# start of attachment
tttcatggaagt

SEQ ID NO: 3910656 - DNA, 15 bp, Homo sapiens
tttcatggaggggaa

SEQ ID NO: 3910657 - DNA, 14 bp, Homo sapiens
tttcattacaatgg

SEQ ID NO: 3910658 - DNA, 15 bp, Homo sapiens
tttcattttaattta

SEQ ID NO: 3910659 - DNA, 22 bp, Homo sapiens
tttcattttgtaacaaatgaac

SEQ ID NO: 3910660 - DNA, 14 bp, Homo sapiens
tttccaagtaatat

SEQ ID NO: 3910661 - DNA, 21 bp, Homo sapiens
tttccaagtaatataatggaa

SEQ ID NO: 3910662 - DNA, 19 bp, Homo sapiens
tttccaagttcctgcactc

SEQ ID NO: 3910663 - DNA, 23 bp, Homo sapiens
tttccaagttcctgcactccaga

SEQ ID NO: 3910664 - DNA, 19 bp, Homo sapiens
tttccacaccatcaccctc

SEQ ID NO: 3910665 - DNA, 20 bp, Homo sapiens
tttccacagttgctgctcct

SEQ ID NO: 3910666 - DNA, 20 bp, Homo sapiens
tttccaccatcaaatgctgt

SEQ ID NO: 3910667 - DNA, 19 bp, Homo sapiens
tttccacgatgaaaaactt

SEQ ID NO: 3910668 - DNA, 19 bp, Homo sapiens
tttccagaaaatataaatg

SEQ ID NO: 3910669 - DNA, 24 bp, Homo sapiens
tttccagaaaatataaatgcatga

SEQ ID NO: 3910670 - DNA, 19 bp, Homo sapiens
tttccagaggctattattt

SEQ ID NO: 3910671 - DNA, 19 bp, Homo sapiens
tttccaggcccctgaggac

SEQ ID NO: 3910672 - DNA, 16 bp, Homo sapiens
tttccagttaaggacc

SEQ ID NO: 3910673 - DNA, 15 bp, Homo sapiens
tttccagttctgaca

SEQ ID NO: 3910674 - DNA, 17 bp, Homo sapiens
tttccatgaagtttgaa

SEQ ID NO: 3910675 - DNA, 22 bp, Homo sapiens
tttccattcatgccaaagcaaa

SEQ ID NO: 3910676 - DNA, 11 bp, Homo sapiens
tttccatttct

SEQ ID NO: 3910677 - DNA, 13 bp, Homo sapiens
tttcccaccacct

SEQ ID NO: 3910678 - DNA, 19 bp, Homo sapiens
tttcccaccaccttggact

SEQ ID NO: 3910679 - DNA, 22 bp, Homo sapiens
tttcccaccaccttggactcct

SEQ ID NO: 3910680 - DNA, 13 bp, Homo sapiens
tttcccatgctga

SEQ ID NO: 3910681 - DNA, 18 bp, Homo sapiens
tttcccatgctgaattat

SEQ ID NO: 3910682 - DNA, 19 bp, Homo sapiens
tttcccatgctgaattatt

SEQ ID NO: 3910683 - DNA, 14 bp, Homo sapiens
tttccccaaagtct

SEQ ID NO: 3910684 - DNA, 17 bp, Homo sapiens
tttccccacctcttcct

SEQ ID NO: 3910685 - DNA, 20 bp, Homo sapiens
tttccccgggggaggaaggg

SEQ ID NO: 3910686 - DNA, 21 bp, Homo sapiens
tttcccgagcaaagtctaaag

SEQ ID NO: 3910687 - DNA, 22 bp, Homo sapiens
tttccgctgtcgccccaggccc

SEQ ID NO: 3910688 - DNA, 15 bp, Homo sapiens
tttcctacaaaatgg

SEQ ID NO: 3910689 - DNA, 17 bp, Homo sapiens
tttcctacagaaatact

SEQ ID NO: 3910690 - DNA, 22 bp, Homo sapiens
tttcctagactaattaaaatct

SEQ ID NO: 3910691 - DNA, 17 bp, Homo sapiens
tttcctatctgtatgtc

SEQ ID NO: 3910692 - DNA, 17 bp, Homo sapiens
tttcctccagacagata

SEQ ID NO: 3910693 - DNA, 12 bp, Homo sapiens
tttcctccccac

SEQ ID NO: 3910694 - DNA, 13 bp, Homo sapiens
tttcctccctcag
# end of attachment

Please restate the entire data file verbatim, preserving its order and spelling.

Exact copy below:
tttcatggaagt

SEQ ID NO: 3910656 - DNA, 15 bp, Homo sapiens
tttcatggaggggaa

SEQ ID NO: 3910657 - DNA, 14 bp, Homo sapiens
tttcattacaatgg

SEQ ID NO: 3910658 - DNA, 15 bp, Homo sapiens
tttcattttaattta

SEQ ID NO: 3910659 - DNA, 22 bp, Homo sapiens
tttcattttgtaacaaatgaac

SEQ ID NO: 3910660 - DNA, 14 bp, Homo sapiens
tttccaagtaatat

SEQ ID NO: 3910661 - DNA, 21 bp, Homo sapiens
tttccaagtaatataatggaa

SEQ ID NO: 3910662 - DNA, 19 bp, Homo sapiens
tttccaagttcctgcactc

SEQ ID NO: 3910663 - DNA, 23 bp, Homo sapiens
tttccaagttcctgcactccaga

SEQ ID NO: 3910664 - DNA, 19 bp, Homo sapiens
tttccacaccatcaccctc

SEQ ID NO: 3910665 - DNA, 20 bp, Homo sapiens
tttccacagttgctgctcct

SEQ ID NO: 3910666 - DNA, 20 bp, Homo sapiens
tttccaccatcaaatgctgt

SEQ ID NO: 3910667 - DNA, 19 bp, Homo sapiens
tttccacgatgaaaaactt

SEQ ID NO: 3910668 - DNA, 19 bp, Homo sapiens
tttccagaaaatataaatg

SEQ ID NO: 3910669 - DNA, 24 bp, Homo sapiens
tttccagaaaatataaatgcatga

SEQ ID NO: 3910670 - DNA, 19 bp, Homo sapiens
tttccagaggctattattt

SEQ ID NO: 3910671 - DNA, 19 bp, Homo sapiens
tttccaggcccctgaggac

SEQ ID NO: 3910672 - DNA, 16 bp, Homo sapiens
tttccagttaaggacc

SEQ ID NO: 3910673 - DNA, 15 bp, Homo sapiens
tttccagttctgaca

SEQ ID NO: 3910674 - DNA, 17 bp, Homo sapiens
tttccatgaagtttgaa

SEQ ID NO: 3910675 - DNA, 22 bp, Homo sapiens
tttccattcatgccaaagcaaa

SEQ ID NO: 3910676 - DNA, 11 bp, Homo sapiens
tttccatttct

SEQ ID NO: 3910677 - DNA, 13 bp, Homo sapiens
tttcccaccacct

SEQ ID NO: 3910678 - DNA, 19 bp, Homo sapiens
tttcccaccaccttggact

SEQ ID NO: 3910679 - DNA, 22 bp, Homo sapiens
tttcccaccaccttggactcct

SEQ ID NO: 3910680 - DNA, 13 bp, Homo sapiens
tttcccatgctga

SEQ ID NO: 3910681 - DNA, 18 bp, Homo sapiens
tttcccatgctgaattat

SEQ ID NO: 3910682 - DNA, 19 bp, Homo sapiens
tttcccatgctgaattatt

SEQ ID NO: 3910683 - DNA, 14 bp, Homo sapiens
tttccccaaagtct

SEQ ID NO: 3910684 - DNA, 17 bp, Homo sapiens
tttccccacctcttcct

SEQ ID NO: 3910685 - DNA, 20 bp, Homo sapiens
tttccccgggggaggaaggg

SEQ ID NO: 3910686 - DNA, 21 bp, Homo sapiens
tttcccgagcaaagtctaaag

SEQ ID NO: 3910687 - DNA, 22 bp, Homo sapiens
tttccgctgtcgccccaggccc

SEQ ID NO: 3910688 - DNA, 15 bp, Homo sapiens
tttcctacaaaatgg

SEQ ID NO: 3910689 - DNA, 17 bp, Homo sapiens
tttcctacagaaatact

SEQ ID NO: 3910690 - DNA, 22 bp, Homo sapiens
tttcctagactaattaaaatct

SEQ ID NO: 3910691 - DNA, 17 bp, Homo sapiens
tttcctatctgtatgtc

SEQ ID NO: 3910692 - DNA, 17 bp, Homo sapiens
tttcctccagacagata

SEQ ID NO: 3910693 - DNA, 12 bp, Homo sapiens
tttcctccccac

SEQ ID NO: 3910694 - DNA, 13 bp, Homo sapiens
tttcctccctcag